The British Army is the land-based forces of the United Kingdom. The British Army was heavily involved in Imperial affairs in India and most regiments (both infantry and cavalry) served in India at some point. Throughout the nineteenth century, a significant number of British troops were stationed at India at any one time. In 1847, for instance, around 20% of British Army regiments were on the sub-continent.
A British man, or man of British descent could also be a soldier/officer in one of the Presidency Armies. These were seperate from the British Army, instead consisting of regiments formed by the East India Company and under their control.
Any regiment name prefaced by the initials H.M. (Her or His Majesty's) is a British Army regiment, although the term is not strictly applied, especially amongst the ecclesiastical records. These regiments may be referred to as "Royal Regiments".
Regiments are divided across several arms of the army, these being the Cavalry (who fought mounted on horseback), the Infantry (soldiers who fought on foot) and the support arms such as the Artillery (who used weaponry such as canons and large guns) and the Engineers construction, demolition, surveying etc.)
The article History of British Army Infantry Regiments is a general history of the origin and development of the infantry regiments and explains some of the reforms that took place.
- To browse British Army regiments, see List of HM Regiments.
- To browse the Infantry category, see British Army Infantry Regiments
- To browse the Cavalry category, see British Army Cavalry Regiments
- To browse the Artillery category, see British Army Artillery Regiments
The cap badges of a few regiments can be found in Cap badge images.
Regiment names terminology
Regiments, especially prior to the twentieth century, were not named in a uniform manner and the historical terminology used can be unfamiliar to a beginning researcher. Some common terms and the regiment types they apply to can be found below.
Wars and campaigns
The British Army were involved in numerous wars, campaigns and battles in India and the surrounding region. The Fibiwiki has a Chronological list of wars and campaigns.
- To browse wars in the region, see the Wars and Campaigns category.
- To browse battles, see the Battles category.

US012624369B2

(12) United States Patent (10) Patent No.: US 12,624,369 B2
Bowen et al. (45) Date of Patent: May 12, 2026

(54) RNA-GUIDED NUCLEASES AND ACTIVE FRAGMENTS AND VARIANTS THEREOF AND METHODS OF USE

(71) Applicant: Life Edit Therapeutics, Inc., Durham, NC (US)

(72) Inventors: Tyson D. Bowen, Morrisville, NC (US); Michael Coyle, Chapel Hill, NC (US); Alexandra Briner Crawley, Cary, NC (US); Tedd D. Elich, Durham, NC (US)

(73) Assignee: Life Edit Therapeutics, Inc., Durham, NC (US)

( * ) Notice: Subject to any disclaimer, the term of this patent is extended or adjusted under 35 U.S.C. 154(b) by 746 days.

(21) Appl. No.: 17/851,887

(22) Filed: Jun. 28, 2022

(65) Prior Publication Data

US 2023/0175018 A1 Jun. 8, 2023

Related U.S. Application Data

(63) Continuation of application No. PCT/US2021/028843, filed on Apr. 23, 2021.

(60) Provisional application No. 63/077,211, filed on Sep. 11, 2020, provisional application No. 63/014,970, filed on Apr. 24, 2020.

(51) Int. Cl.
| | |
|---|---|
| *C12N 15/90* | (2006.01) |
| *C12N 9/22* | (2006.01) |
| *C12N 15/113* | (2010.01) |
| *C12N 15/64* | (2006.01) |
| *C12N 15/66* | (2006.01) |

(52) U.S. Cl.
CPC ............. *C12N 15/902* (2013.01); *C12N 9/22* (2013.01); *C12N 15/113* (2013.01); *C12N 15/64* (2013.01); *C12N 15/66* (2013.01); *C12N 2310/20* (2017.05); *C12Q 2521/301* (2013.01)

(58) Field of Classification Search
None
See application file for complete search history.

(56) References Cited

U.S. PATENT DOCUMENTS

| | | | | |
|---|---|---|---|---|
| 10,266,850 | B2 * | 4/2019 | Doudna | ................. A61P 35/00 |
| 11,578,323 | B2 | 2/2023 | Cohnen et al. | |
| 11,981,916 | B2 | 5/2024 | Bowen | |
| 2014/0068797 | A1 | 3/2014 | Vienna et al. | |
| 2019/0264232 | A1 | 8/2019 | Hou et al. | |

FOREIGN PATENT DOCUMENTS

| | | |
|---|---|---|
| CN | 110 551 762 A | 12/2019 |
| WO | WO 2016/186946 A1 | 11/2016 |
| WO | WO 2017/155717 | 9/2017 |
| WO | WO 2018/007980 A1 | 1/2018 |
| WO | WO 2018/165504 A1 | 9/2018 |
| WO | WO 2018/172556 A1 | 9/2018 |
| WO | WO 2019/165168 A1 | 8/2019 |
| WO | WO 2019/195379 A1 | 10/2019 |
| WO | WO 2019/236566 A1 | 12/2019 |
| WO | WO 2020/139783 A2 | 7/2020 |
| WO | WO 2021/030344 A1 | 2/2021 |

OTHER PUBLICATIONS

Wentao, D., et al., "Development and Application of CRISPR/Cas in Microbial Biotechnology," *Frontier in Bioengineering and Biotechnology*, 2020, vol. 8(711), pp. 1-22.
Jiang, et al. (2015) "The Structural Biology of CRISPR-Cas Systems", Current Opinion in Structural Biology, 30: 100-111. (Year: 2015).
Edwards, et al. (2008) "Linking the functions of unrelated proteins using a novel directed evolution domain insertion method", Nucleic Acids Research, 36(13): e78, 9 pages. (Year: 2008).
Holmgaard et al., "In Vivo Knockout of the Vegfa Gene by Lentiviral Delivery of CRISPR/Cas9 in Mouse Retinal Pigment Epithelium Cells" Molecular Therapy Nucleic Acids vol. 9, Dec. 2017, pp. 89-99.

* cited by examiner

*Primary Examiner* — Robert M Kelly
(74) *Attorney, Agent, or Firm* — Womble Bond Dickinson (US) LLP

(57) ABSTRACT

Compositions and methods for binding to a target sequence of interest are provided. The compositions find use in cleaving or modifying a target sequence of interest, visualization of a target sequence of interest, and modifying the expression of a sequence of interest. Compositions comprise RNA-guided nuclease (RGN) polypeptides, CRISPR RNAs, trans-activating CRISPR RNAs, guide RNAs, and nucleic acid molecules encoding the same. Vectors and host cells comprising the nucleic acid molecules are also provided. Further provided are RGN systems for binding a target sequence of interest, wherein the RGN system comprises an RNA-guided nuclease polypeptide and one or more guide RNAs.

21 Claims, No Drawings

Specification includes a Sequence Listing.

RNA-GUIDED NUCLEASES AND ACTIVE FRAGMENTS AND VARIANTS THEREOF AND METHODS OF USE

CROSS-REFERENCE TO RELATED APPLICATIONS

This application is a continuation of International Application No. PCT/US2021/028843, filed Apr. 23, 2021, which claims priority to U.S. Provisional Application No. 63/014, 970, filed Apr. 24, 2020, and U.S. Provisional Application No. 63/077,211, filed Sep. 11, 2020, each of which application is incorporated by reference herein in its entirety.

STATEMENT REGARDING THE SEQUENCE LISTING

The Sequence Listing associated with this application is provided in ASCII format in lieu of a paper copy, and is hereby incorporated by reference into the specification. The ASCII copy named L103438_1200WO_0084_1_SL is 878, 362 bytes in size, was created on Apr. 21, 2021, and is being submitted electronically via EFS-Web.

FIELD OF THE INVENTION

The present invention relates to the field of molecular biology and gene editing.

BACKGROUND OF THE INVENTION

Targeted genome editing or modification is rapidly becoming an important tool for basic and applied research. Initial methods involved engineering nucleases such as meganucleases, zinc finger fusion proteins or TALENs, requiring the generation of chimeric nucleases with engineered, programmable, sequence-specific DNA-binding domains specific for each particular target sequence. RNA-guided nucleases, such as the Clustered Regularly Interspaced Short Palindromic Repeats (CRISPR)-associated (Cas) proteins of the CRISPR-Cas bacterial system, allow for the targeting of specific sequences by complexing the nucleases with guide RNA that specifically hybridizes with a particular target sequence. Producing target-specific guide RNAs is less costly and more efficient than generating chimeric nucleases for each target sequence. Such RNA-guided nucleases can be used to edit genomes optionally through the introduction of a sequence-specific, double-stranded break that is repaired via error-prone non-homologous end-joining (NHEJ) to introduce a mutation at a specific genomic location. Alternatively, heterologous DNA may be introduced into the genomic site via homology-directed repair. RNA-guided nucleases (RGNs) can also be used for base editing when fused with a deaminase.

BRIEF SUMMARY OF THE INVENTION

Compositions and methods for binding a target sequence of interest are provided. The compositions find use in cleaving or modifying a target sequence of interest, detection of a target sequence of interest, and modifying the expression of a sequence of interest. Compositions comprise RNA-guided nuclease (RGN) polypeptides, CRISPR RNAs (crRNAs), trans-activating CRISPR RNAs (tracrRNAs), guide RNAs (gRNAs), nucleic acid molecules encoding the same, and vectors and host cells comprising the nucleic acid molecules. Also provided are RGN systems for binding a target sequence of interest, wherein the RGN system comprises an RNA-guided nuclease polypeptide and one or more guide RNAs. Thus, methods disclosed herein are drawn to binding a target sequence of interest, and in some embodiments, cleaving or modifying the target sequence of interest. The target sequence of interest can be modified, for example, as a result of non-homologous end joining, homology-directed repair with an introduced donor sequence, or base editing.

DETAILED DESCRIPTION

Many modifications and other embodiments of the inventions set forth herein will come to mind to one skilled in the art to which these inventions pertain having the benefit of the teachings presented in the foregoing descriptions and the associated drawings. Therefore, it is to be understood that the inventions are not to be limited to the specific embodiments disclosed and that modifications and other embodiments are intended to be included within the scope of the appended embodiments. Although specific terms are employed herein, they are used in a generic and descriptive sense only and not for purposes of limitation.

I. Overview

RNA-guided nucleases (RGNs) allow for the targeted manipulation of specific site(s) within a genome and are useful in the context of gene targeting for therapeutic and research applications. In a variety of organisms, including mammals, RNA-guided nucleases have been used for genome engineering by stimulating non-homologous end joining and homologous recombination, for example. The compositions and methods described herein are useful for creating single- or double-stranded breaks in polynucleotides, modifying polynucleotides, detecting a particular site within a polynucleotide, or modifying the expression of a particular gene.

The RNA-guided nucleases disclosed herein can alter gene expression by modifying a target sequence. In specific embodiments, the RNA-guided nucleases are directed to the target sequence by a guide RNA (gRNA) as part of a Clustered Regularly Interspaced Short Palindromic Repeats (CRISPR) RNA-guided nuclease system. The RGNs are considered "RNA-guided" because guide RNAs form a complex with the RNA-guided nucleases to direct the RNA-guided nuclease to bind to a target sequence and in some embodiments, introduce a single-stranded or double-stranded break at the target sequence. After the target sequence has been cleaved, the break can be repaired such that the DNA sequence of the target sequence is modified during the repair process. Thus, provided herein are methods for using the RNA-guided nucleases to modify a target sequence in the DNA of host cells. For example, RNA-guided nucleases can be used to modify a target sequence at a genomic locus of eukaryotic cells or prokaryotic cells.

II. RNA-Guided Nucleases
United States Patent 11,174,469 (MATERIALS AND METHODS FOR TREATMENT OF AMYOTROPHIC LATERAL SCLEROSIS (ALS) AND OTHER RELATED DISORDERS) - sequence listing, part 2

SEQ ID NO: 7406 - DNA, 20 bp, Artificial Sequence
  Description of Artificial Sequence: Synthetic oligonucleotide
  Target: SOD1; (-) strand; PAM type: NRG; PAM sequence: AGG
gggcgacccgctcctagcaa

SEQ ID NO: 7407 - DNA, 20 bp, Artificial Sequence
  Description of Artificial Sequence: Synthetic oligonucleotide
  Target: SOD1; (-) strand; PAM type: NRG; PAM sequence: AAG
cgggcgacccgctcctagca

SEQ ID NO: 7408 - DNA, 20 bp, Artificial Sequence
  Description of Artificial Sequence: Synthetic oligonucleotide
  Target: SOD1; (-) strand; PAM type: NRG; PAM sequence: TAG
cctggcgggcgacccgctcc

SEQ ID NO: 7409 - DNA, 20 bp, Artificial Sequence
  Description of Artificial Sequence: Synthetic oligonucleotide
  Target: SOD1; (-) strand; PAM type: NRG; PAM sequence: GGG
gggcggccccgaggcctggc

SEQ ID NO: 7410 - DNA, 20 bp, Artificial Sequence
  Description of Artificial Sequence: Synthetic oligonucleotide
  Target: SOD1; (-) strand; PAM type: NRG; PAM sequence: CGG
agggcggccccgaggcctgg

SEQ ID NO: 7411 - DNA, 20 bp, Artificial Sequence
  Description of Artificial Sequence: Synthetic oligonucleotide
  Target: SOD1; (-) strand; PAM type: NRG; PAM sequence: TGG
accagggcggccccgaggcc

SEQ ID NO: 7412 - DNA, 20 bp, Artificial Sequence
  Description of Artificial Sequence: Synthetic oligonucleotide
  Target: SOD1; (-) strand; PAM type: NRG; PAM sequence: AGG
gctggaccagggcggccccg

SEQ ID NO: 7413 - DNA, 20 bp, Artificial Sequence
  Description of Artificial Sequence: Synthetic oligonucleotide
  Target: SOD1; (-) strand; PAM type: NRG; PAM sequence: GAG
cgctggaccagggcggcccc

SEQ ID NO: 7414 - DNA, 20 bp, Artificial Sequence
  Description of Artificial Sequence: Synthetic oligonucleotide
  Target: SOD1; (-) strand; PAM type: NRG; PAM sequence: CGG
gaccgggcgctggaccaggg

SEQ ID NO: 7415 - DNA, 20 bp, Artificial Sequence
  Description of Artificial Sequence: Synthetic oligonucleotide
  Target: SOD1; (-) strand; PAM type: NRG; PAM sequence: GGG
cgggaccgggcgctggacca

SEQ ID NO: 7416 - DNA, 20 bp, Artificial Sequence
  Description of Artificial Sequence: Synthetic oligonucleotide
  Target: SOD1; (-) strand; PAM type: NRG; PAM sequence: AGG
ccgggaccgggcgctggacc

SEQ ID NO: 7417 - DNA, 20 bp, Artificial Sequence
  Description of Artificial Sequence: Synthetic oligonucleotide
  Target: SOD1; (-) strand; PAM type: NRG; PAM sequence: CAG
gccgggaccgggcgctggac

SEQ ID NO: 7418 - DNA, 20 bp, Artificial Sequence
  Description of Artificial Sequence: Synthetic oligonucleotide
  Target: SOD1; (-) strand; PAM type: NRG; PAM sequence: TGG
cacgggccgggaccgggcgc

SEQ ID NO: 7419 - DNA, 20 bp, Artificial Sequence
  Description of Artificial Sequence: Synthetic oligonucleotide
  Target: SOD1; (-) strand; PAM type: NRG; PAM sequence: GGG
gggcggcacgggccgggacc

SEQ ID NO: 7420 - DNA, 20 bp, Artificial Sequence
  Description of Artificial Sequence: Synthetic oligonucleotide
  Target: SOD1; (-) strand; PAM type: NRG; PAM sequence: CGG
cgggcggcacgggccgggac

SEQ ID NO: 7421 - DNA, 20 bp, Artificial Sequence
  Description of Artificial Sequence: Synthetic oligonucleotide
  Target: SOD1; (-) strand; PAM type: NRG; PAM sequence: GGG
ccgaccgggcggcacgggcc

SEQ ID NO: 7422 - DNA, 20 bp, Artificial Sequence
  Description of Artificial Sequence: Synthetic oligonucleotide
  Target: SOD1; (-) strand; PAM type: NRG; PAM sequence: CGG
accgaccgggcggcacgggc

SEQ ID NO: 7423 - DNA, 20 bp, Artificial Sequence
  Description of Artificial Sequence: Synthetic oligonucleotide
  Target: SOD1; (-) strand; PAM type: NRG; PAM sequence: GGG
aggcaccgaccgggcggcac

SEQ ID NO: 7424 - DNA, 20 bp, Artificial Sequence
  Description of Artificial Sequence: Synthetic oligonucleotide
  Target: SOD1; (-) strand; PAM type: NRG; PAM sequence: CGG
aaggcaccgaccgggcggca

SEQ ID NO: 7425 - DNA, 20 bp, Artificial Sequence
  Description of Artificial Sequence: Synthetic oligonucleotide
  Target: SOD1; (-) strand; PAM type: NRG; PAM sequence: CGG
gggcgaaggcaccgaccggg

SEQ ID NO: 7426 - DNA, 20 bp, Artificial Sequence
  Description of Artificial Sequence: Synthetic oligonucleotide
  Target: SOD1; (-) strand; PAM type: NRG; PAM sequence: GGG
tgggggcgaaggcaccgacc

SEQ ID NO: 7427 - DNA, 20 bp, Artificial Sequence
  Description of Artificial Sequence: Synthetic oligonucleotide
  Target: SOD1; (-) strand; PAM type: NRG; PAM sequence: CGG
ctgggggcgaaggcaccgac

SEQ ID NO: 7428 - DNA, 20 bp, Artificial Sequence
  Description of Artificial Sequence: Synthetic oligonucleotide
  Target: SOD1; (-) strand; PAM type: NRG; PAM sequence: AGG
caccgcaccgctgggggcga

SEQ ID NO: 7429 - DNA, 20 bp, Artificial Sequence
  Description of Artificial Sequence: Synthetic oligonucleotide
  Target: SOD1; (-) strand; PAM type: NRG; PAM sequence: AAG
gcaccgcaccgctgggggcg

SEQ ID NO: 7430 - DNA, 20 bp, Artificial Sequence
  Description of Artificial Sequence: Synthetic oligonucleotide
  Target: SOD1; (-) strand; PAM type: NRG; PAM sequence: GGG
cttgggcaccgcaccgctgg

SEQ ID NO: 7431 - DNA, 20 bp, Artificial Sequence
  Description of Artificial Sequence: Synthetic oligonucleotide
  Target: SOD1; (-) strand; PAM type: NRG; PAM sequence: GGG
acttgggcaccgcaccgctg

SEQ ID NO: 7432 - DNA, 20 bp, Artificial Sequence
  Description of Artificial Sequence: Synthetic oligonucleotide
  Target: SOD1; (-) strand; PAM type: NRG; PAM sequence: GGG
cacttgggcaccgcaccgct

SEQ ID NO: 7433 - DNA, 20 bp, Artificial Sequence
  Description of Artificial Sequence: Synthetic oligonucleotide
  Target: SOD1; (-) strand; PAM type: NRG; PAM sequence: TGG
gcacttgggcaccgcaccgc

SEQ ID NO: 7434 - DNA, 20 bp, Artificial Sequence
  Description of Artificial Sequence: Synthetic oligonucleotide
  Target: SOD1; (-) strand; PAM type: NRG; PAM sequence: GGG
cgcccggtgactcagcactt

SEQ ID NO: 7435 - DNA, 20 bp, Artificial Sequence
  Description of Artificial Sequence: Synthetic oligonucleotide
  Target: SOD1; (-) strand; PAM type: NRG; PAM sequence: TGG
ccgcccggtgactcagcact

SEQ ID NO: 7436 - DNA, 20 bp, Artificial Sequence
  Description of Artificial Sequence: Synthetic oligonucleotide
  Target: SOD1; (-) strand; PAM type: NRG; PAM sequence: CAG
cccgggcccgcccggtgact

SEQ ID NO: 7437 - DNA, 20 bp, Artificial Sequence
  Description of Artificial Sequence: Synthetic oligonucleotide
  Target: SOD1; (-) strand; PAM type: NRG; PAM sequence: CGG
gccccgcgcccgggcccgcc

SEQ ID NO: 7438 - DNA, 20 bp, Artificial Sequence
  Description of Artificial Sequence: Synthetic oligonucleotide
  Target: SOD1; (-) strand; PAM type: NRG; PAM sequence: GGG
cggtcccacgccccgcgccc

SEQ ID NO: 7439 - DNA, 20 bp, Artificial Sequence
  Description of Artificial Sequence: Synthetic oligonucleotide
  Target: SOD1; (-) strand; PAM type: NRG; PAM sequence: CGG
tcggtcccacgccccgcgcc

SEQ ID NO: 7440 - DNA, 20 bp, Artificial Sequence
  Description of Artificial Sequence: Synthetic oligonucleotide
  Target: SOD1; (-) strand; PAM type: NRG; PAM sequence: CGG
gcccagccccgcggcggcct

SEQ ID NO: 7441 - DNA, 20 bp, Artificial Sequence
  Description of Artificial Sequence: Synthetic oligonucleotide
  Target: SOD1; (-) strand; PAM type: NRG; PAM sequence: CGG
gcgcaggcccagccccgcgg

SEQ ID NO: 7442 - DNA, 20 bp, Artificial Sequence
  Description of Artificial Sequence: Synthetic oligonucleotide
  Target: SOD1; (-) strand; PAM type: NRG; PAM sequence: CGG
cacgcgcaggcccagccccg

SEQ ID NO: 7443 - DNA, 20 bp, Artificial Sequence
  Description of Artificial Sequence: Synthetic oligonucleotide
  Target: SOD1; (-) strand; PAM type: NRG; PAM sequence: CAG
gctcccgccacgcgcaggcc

There are various sources of information for finding out about a man in the British Army. For a comprehensive description of sources available in the India Office Records, see Peter Bailey's article in FIBIS Journal 13.
Unlike those of the presidency armies, muster rolls for British Army regiments stationed in India are not at the British Library but are instead at The National Archives at Kew in London. Discharge papers (usually contains service/attestation information) and pension records may also be found at TNA. Discharge papers up to 1854 are listed alphabetically by name and can be searched online. Copies (paper or digital) of TNA records can be ordered by distance for a fee. Another useful TNA source may be the WO22 subseries Army and other pensions paid out locally in India, Ceylon and China. The National Archives is working with findmypast.com to scan and place online two series of records: WO 97 (Royal Hospital Chelsea: Soldiers' Service Documents 1760-1913) and WO 96 (War Office: Militia Attestation Papers 1806-1915). The aim is to have all the records online by 2011. This India List link is about WO 97 documents.
If the man married, had children or died out on the Sub-continent then records of these occurences can often be found in the India Office Church records. However, some regimental chaplains only filed their BMDs with the General Register Office in London and certificates of these army returns can be obtained via them by ordering them online. The British Army Overseas Indexes can be found in genealogical libraries, the National Archives and searched on various websites including findmypast.com and familyrelatives.com. Also refer Chaplains Returns.
Note that if a record is available both in the Church records and in the General Register Office records, the latter may contain more information, at least for some time periods. By way of example, in 1903 the additional information was the nationalities of the groom and bride, and the occupations of the fathers of the groom and bride.
Additional sources include:
- 1911 England and Wales Census.
British Army personnel in India, together with their families appeared for the first time in an England and Wales Census in 1911.
Search the 1911 census data.
- History of the British Army Wikipedia.
- Recruitment in the British Army Wikipedia.
- British Army Regiments 1881 (The Childers Reforms) Wikipedia.
- Indian portion of In Search of Forlorn Hope by John M Kitzmiller - lists the location/year of all British regiments that served in India and related regions.
- Stephen Lewis' Soldiers Memorials lists NCO and other ranks graves in India by surname, amongst other memorials. Officers Died is the equivalent commissioned ranks site.
- Kevin Asplin’s site The Asplin Military History Resources, which is about British Army history in the Victorian era, includes pages relevant to the British Army in India.
- Britregiments is a mailing list for general questions about British Regiments (including those in the Indian Army). Their website says “Questions about a unit's history, movements, heritage, practices and regalia are most welcome and encouraged”.
- A helpful website which has closed is regiments.org, here is the Archived Site.
Historical books online
- Strength, Composition and Organization of the Army of Great Britain by Capt Martin Petrie (1864).
- Camp and Barrack-room, Or, The British Army as It Is by John Mercier McMullen, a late Staff Sergeant of the 13th Light Infantry (1846).